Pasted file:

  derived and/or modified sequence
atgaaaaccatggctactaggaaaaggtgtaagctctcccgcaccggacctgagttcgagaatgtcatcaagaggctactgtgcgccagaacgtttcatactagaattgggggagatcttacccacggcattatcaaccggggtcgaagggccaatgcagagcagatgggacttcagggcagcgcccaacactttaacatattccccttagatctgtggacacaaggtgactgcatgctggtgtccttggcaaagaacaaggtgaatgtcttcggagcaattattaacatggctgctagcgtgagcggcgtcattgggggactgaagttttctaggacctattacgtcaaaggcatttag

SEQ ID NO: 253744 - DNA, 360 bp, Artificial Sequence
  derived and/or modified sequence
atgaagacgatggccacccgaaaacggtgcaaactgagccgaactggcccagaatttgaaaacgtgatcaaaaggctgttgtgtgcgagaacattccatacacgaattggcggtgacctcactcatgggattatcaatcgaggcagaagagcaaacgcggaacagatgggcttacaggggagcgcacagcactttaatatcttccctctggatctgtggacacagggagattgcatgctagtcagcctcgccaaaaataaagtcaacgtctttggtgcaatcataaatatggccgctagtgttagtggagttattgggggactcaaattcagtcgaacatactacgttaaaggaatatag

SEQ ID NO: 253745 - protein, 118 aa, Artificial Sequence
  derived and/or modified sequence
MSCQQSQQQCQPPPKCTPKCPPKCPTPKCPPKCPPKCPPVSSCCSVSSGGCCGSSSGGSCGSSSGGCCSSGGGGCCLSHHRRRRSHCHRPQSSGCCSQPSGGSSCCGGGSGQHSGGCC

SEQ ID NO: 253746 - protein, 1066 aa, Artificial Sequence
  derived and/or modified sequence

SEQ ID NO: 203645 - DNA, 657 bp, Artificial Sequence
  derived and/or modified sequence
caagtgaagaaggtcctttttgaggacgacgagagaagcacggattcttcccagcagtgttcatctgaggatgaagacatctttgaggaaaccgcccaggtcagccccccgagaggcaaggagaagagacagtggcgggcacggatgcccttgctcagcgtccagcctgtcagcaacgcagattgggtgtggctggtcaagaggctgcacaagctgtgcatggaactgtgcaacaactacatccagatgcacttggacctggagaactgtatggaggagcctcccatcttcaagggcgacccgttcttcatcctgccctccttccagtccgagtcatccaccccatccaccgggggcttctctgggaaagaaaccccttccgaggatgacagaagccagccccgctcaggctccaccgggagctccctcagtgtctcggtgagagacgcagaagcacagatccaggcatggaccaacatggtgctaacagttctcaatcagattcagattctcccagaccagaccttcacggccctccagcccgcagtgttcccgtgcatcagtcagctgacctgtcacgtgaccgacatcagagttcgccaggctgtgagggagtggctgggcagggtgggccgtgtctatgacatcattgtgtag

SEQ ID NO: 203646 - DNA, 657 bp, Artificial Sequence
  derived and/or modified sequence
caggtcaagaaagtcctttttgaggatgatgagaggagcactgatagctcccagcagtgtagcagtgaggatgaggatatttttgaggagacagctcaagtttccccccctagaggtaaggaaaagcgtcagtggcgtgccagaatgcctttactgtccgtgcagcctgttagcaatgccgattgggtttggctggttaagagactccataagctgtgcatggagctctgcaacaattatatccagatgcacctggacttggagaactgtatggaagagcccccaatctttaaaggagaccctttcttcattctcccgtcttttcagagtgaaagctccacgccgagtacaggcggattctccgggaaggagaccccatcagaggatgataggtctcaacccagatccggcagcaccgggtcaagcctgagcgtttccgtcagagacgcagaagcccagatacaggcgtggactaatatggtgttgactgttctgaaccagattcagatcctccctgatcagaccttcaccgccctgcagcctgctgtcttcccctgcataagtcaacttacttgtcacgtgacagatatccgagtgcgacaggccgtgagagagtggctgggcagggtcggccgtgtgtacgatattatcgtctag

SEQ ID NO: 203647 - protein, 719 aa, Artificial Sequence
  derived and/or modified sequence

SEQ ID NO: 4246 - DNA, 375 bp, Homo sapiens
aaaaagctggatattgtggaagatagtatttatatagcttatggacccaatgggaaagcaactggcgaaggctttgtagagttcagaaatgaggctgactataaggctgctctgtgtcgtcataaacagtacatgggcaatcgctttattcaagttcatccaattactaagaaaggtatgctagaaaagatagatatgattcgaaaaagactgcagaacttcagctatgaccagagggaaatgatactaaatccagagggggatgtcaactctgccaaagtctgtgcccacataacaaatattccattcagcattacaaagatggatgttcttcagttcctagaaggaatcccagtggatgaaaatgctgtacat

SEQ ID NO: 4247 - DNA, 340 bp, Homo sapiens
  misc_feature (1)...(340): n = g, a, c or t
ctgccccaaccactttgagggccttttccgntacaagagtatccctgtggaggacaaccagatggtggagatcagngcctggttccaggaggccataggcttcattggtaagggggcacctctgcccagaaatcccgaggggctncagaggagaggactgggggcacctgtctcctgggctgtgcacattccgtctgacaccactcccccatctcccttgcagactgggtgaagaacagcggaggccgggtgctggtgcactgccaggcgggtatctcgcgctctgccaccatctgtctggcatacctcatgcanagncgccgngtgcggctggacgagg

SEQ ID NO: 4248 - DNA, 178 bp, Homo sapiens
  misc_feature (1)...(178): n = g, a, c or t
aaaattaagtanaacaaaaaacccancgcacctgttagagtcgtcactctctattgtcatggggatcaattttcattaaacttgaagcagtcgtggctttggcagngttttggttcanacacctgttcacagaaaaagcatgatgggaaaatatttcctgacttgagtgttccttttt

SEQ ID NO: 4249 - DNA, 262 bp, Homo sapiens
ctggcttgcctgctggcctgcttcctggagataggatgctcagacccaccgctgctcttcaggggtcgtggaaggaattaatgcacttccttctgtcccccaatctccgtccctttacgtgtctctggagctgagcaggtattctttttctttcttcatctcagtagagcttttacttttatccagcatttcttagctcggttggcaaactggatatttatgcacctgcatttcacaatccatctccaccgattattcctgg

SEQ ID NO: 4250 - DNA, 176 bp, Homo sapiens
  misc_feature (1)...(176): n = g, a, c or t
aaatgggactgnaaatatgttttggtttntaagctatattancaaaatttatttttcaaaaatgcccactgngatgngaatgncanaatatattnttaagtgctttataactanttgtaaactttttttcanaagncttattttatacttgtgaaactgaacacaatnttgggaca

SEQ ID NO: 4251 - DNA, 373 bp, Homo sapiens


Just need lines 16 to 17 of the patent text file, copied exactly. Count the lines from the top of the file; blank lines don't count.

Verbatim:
caggtcaagaaagtcctttttgaggatgatgagaggagcactgatagctcccagcagtgtagcagtgaggatgaggatatttttgaggagacagctcaagtttccccccctagaggtaaggaaaagcgtcagtggcgtgccagaatgcctttactgtccgtgcagcctgttagcaatgccgattgggtttggctggttaagagactccataagctgtgcatggagctctgcaacaattatatccagatgcacctggacttggagaactgtatggaagagcccccaatctttaaaggagaccctttcttcattctcccgtcttttcagagtgaaagctccacgccgagtacaggcggattctccgggaaggagaccccatcagaggatgataggtctcaacccagatccggcagcaccgggtcaagcctgagcgtttccgtcagagacgcagaagcccagatacaggcgtggactaatatggtgttgactgttctgaaccagattcagatcctccctgatcagaccttcaccgccctgcagcctgctgtcttcccctgcataagtcaacttacttgtcacgtgacagatatccgagtgcgacaggccgtgagagagtggctgggcagggtcggccgtgtgtacgatattatcgtctag

SEQ ID NO: 203647 - protein, 719 aa, Artificial Sequence